Epidemiology and Infection

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Epidemiology and Infection (2010), 138:1650-1656 Cambridge University Press
Copyright © Cambridge University Press 2010

Original Papers


Disease burden of post-infectious irritable bowel syndrome in The Netherlands

J. A. HAAGSMAa1a2 c1, P. D. SIERSEMAa3, N. J. DE WITa4 and A. H. HAVELAARa1a5

a1 Centre for Infectious Disease Control, National Institute for Public Health and the Environment, Bilthoven, The Netherlands
a2 Department of Public Health, Erasmus Medical Center, Erasmus University Rotterdam, Rotterdam, The Netherlands
a3 Department of Gastroenterology and Hepatology, University Medical Center Utrecht, Utrecht, The Netherlands
a4 Julius Center for Health Sciences and Primary Care, University Medical Center Utrecht, Utrecht, The Netherlands
a5 Institute for Risk Assessment Sciences, Utrecht University, Utrecht, The Netherlands
Article author query
haagsma ja [PubMed]  [Google Scholar]
siersema pd [PubMed]  [Google Scholar]
de wit nj [PubMed]  [Google Scholar]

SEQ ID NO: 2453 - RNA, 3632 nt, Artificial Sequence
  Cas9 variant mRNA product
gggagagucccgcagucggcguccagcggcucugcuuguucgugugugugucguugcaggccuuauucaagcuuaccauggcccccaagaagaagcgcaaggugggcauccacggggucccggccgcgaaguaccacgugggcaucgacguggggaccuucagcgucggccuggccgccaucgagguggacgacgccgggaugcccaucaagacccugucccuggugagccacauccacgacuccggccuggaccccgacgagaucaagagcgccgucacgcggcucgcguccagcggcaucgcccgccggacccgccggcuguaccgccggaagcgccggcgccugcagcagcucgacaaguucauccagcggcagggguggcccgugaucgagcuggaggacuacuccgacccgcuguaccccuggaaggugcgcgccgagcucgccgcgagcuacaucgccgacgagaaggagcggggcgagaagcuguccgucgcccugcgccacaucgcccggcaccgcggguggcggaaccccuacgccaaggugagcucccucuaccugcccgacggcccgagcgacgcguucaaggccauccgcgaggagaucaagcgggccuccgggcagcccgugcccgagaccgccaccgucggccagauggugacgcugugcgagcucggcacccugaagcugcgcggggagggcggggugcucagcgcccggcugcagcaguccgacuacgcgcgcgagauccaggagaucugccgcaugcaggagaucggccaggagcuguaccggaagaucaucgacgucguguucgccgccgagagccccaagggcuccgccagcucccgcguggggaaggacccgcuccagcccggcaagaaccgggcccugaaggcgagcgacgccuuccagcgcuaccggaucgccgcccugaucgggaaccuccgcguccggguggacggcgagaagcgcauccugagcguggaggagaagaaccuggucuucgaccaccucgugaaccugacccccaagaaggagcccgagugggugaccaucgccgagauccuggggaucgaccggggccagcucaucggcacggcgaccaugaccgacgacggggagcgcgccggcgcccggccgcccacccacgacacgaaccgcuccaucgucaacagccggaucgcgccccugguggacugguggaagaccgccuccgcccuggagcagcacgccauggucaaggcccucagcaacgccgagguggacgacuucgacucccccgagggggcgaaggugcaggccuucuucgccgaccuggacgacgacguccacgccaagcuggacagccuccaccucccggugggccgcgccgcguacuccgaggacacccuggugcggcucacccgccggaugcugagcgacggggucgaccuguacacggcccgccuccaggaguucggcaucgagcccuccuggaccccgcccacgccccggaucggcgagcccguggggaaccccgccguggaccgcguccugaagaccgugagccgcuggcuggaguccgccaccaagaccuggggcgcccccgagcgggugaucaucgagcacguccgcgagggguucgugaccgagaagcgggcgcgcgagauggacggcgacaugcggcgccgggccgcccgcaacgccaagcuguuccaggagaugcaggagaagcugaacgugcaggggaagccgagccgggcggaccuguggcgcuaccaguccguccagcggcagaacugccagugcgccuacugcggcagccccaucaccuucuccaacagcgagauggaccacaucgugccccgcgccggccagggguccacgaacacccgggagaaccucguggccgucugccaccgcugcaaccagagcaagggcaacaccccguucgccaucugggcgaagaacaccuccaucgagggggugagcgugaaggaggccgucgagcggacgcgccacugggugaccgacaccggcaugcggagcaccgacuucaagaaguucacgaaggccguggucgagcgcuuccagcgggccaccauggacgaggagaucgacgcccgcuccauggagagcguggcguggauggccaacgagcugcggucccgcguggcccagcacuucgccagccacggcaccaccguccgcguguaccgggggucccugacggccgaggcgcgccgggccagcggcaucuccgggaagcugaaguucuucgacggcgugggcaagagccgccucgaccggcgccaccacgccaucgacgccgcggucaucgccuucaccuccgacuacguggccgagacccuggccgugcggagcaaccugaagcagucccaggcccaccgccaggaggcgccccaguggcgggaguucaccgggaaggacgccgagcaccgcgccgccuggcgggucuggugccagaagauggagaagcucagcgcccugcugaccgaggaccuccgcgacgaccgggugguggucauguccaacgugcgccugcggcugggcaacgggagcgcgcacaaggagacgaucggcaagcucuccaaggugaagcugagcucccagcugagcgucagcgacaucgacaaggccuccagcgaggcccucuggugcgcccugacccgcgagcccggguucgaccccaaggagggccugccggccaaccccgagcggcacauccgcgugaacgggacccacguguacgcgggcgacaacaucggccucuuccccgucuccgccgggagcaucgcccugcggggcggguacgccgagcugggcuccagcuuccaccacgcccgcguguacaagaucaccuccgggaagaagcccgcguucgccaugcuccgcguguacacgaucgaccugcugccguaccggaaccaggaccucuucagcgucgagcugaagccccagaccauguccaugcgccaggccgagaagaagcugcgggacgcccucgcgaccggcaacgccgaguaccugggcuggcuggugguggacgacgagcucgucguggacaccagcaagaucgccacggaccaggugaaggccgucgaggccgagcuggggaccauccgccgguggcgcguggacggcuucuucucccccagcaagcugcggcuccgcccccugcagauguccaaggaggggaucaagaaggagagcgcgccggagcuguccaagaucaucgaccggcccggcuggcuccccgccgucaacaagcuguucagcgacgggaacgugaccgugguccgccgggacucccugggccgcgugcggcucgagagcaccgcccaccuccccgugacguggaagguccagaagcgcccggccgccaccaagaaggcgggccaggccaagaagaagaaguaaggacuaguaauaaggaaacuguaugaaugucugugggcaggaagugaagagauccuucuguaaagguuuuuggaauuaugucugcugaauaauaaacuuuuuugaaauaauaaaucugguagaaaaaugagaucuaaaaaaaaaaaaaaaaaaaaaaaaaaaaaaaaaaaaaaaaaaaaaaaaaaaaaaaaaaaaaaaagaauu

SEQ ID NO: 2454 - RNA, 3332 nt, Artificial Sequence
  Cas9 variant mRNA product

havelaar ah [PubMed]  [Google Scholar]


Post-infectious irritable bowel syndrome (PI-IBS) has been established as a sequel of infectious intestinal disease (IID). The aim of this study was to estimate the burden of PI-IBS caused by the pathogens Campylobacter, Salmonella and Shigella, and to compare this with other outcomes associated with these pathogens. The attributable risk of PI-IBS due to bacterial pathogens was calculated and linked to national data on gastroenteritis incidence and measures for severity and duration of illness in order to estimate the burden of PI-IBS. One year post-infection, IBS developed in 9% of patients with bacterial IID. The burden of PI-IBS adds over 2300 disability adjusted life years to the total annual disease burden for the selected pathogens. PI-IBS is a frequent sequel of IID, resulting in a considerable disease burden compared to other outcomes. If this relationship is not considered, this will result in an underestimation of the disease burden of IID.

(Accepted February 11 2010)

(Online publication March 12 2010)

Key Words:Campylobacter; foodborne infections; public health; salmonellosis; Shigella


c1 Author for correspondence: J. A. Haagsma, M.Sc., National Institute for Public Health and the Environment, Centre for Infectious Disease Control, Laboratory for Zoonoses and Environmental Microbiology, P.O. Box 1, 3720 BA Bilthoven, The Netherlands. (Email: j.haagsma@erasmusmc.nl)